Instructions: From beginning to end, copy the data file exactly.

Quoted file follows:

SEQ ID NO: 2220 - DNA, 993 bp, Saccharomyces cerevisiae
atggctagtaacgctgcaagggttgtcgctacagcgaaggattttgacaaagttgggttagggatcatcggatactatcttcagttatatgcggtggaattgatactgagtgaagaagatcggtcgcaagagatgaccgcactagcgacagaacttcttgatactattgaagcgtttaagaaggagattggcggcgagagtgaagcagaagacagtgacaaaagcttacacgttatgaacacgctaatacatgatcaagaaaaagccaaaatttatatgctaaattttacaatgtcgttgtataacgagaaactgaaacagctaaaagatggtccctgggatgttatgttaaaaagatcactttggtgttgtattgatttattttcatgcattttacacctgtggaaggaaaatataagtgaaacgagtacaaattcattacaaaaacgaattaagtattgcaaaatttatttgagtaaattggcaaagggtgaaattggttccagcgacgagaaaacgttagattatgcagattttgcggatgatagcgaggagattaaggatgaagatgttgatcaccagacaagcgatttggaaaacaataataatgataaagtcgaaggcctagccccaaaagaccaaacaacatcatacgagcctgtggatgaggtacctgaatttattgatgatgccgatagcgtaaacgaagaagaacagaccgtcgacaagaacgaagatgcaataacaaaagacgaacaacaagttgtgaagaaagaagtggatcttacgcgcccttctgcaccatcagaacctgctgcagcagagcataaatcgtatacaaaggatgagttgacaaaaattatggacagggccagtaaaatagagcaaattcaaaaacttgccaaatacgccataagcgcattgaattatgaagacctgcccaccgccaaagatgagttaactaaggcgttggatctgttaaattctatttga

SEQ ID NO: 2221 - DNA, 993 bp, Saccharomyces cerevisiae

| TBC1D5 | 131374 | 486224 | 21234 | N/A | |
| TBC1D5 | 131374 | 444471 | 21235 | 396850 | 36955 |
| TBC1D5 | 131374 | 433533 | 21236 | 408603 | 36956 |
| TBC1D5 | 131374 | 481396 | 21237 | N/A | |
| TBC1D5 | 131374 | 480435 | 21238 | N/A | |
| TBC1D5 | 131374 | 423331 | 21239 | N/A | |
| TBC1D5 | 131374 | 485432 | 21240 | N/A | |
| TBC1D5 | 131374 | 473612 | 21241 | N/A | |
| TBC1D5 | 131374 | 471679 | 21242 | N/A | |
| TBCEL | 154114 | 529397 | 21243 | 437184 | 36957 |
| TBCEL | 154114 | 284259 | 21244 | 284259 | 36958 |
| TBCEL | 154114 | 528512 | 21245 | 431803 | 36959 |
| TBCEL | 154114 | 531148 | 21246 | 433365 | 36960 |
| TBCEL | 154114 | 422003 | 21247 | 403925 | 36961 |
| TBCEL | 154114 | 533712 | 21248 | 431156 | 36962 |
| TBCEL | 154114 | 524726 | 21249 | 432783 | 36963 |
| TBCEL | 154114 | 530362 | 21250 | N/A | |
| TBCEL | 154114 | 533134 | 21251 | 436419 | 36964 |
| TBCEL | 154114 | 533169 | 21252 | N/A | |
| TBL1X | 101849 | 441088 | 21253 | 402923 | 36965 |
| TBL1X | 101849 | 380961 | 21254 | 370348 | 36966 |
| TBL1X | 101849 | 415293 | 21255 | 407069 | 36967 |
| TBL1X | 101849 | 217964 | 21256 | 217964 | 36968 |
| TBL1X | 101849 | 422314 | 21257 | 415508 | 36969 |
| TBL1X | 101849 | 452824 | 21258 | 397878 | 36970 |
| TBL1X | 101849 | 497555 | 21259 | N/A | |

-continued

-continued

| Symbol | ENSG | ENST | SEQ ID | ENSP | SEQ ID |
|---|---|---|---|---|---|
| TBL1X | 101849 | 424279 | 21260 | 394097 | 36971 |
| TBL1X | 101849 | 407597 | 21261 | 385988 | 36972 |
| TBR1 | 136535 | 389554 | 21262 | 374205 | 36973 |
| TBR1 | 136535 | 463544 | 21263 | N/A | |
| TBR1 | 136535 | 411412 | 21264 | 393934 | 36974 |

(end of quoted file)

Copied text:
SEQ ID NO: 2220 - DNA, 993 bp, Saccharomyces cerevisiae
atggctagtaacgctgcaagggttgtcgctacagcgaaggattttgacaaagttgggttagggatcatcggatactatcttcagttatatgcggtggaattgatactgagtgaagaagatcggtcgcaagagatgaccgcactagcgacagaacttcttgatactattgaagcgtttaagaaggagattggcggcgagagtgaagcagaagacagtgacaaaagcttacacgttatgaacacgctaatacatgatcaagaaaaagccaaaatttatatgctaaattttacaatgtcgttgtataacgagaaactgaaacagctaaaagatggtccctgggatgttatgttaaaaagatcactttggtgttgtattgatttattttcatgcattttacacctgtggaaggaaaatataagtgaaacgagtacaaattcattacaaaaacgaattaagtattgcaaaatttatttgagtaaattggcaaagggtgaaattggttccagcgacgagaaaacgttagattatgcagattttgcggatgatagcgaggagattaaggatgaagatgttgatcaccagacaagcgatttggaaaacaataataatgataaagtcgaaggcctagccccaaaagaccaaacaacatcatacgagcctgtggatgaggtacctgaatttattgatgatgccgatagcgtaaacgaagaagaacagaccgtcgacaagaacgaagatgcaataacaaaagacgaacaacaagttgtgaagaaagaagtggatcttacgcgcccttctgcaccatcagaacctgctgcagcagagcataaatcgtatacaaaggatgagttgacaaaaattatggacagggccagtaaaatagagcaaattcaaaaacttgccaaatacgccataagcgcattgaattatgaagacctgcccaccgccaaagatgagttaactaaggcgttggatctgttaaattctatttga

SEQ ID NO: 2221 - DNA, 993 bp, Saccharomyces cerevisiae

| TBC1D5 | 131374 | 486224 | 21234 | N/A | |
| TBC1D5 | 131374 | 444471 | 21235 | 396850 | 36955 |
| TBC1D5 | 131374 | 433533 | 21236 | 408603 | 36956 |
| TBC1D5 | 131374 | 481396 | 21237 | N/A | |
| TBC1D5 | 131374 | 480435 | 21238 | N/A | |
| TBC1D5 | 131374 | 423331 | 21239 | N/A | |
| TBC1D5 | 131374 | 485432 | 21240 | N/A | |
| TBC1D5 | 131374 | 473612 | 21241 | N/A | |
| TBC1D5 | 131374 | 471679 | 21242 | N/A | |
| TBCEL | 154114 | 529397 | 21243 | 437184 | 36957 |
| TBCEL | 154114 | 284259 | 21244 | 284259 | 36958 |
| TBCEL | 154114 | 528512 | 21245 | 431803 | 36959 |
| TBCEL | 154114 | 531148 | 21246 | 433365 | 36960 |
| TBCEL | 154114 | 422003 | 21247 | 403925 | 36961 |
| TBCEL | 154114 | 533712 | 21248 | 431156 | 36962 |
| TBCEL | 154114 | 524726 | 21249 | 432783 | 36963 |
| TBCEL | 154114 | 530362 | 21250 | N/A | |
| TBCEL | 154114 | 533134 | 21251 | 436419 | 36964 |
| TBCEL | 154114 | 533169 | 21252 | N/A | |
| TBL1X | 101849 | 441088 | 21253 | 402923 | 36965 |
| TBL1X | 101849 | 380961 | 21254 | 370348 | 36966 |
| TBL1X | 101849 | 415293 | 21255 | 407069 | 36967 |
| TBL1X | 101849 | 217964 | 21256 | 217964 | 36968 |
| TBL1X | 101849 | 422314 | 21257 | 415508 | 36969 |
| TBL1X | 101849 | 452824 | 21258 | 397878 | 36970 |
| TBL1X | 101849 | 497555 | 21259 | N/A | |

-continued

-continued

| Symbol | ENSG | ENST | SEQ ID | ENSP | SEQ ID |
|---|---|---|---|---|---|
| TBL1X | 101849 | 424279 | 21260 | 394097 | 36971 |
| TBL1X | 101849 | 407597 | 21261 | 385988 | 36972 |
| TBR1 | 136535 | 389554 | 21262 | 374205 | 36973 |
| TBR1 | 136535 | 463544 | 21263 | N/A | |
| TBR1 | 136535 | 411412 | 21264 | 393934 | 36974 |